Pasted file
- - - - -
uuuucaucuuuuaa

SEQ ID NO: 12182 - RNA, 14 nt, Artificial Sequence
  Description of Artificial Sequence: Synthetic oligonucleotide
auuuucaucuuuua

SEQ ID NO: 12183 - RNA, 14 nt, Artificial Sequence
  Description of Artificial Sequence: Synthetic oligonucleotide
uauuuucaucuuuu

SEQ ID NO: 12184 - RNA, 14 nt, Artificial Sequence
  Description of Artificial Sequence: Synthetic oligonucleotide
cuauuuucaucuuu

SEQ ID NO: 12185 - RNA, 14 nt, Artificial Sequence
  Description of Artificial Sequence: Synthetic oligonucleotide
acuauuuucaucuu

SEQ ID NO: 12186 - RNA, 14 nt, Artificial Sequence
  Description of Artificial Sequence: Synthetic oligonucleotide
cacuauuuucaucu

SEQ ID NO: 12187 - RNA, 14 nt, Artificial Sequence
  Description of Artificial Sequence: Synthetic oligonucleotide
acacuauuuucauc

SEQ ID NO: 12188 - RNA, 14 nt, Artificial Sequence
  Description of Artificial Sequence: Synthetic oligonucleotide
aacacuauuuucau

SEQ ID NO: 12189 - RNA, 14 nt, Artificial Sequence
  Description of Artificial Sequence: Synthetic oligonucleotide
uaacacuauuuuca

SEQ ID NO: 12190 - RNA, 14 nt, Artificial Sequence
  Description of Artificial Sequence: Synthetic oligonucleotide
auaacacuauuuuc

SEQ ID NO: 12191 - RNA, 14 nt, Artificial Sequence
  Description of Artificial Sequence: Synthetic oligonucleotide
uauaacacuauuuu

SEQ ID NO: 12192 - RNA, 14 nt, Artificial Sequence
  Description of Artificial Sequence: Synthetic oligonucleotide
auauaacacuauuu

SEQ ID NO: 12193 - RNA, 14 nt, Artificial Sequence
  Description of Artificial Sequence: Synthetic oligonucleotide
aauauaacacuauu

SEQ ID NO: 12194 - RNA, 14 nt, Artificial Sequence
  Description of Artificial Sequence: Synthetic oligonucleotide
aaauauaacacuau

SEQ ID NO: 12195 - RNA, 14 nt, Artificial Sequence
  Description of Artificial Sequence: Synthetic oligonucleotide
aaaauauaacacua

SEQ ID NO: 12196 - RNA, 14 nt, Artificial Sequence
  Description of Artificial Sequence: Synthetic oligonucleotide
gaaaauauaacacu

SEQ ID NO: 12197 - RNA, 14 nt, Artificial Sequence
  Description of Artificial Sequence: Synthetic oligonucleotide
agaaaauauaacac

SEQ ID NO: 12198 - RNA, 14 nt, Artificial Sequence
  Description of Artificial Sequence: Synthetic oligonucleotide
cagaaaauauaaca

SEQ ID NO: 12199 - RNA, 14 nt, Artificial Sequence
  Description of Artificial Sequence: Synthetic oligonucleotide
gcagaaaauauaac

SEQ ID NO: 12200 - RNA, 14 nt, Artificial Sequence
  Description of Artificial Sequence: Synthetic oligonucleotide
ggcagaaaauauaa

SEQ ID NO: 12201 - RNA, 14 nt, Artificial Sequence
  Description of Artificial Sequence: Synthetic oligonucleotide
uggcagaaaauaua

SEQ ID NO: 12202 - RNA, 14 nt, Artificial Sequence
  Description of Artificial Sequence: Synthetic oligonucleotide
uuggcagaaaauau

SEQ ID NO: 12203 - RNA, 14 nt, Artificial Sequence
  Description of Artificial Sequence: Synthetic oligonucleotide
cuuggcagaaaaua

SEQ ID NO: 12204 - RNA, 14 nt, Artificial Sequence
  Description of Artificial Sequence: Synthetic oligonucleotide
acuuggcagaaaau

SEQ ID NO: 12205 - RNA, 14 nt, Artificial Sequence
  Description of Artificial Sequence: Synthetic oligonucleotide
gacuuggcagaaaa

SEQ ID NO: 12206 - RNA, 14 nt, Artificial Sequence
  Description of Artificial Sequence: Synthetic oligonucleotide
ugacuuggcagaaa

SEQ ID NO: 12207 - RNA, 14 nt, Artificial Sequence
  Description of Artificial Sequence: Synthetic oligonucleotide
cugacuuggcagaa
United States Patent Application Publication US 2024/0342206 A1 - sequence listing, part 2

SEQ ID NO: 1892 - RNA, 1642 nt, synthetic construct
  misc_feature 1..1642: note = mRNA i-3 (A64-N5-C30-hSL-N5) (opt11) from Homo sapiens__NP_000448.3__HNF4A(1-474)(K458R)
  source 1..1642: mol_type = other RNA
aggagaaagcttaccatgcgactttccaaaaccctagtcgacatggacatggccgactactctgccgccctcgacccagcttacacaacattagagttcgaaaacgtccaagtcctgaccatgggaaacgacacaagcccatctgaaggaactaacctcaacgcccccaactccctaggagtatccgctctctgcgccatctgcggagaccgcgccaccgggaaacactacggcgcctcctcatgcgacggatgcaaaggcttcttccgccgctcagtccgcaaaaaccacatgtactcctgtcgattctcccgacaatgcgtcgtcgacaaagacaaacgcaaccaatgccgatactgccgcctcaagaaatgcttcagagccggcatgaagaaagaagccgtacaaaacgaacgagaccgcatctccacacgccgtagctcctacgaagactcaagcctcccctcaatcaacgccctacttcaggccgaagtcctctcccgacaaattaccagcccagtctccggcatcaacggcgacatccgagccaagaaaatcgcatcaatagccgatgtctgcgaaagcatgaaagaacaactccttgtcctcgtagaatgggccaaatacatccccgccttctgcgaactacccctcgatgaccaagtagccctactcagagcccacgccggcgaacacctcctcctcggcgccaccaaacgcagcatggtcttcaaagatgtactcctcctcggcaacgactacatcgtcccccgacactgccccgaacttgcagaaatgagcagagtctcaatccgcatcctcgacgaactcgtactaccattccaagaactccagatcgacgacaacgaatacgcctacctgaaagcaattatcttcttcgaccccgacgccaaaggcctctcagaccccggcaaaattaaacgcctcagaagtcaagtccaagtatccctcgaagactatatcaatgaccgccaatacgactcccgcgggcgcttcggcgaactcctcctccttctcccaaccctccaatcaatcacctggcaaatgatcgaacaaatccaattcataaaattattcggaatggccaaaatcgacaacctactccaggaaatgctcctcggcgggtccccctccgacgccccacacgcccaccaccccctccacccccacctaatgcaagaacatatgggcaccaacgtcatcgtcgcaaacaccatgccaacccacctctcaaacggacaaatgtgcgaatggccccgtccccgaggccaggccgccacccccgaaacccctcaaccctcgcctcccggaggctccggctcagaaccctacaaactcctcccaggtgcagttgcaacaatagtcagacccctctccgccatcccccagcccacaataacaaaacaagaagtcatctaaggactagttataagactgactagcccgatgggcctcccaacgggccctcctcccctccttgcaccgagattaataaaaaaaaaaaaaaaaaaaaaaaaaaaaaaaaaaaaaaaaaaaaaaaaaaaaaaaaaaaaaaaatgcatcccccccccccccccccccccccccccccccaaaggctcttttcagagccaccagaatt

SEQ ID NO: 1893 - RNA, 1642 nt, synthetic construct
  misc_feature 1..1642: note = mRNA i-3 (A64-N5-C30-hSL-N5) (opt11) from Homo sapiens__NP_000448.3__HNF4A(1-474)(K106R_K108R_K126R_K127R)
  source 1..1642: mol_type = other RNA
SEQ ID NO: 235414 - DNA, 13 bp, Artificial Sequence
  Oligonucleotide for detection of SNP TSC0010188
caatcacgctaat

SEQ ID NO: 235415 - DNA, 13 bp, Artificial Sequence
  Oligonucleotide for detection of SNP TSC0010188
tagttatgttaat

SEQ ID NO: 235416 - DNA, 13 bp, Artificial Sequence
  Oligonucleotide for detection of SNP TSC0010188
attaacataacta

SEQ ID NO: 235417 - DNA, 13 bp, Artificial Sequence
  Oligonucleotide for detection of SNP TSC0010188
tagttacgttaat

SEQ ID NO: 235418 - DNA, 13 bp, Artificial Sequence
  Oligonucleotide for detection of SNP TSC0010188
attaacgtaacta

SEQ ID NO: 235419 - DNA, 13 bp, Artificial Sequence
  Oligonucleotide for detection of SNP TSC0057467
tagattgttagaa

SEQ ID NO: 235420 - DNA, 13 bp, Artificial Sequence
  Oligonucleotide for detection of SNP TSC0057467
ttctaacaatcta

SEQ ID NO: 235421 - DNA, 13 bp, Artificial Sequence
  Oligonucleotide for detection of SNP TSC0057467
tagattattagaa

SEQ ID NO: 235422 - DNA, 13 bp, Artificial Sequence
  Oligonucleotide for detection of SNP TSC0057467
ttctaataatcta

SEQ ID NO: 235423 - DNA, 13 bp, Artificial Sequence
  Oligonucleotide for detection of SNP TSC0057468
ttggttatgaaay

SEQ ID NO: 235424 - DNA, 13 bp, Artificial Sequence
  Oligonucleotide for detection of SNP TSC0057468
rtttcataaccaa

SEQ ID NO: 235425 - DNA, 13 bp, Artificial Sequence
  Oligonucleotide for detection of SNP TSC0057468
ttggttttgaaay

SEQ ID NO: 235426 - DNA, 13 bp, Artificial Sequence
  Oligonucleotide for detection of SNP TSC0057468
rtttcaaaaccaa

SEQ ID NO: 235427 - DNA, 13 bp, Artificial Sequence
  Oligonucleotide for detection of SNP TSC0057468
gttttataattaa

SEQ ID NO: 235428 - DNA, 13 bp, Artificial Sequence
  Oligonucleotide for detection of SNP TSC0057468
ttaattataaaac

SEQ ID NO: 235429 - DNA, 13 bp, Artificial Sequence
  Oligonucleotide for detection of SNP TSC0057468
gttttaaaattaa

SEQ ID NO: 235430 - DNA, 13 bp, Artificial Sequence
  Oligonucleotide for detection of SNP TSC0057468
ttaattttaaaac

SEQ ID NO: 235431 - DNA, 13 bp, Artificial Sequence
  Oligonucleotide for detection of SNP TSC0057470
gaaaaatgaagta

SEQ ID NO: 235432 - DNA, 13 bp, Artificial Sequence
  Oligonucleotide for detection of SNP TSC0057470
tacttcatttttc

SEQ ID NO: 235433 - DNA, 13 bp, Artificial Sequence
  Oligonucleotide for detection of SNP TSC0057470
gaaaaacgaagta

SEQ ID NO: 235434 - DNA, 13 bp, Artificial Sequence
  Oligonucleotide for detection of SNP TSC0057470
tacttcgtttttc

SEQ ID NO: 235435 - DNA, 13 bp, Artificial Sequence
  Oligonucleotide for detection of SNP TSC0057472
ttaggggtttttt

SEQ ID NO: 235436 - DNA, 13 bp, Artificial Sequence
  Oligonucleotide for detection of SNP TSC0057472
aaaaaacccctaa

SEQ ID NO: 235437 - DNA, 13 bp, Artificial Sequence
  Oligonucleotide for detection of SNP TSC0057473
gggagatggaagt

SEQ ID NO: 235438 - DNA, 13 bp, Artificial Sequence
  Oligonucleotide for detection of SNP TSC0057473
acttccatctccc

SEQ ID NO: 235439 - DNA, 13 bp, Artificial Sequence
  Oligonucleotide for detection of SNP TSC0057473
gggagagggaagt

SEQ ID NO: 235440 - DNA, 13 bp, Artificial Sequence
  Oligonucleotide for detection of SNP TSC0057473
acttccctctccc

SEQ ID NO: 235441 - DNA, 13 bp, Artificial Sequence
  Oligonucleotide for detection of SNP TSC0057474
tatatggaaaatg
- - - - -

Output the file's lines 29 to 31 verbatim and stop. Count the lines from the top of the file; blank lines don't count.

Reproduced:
SEQ ID NO: 12191 - RNA, 14 nt, Artificial Sequence
  Description of Artificial Sequence: Synthetic oligonucleotide
uauaacacuauuuu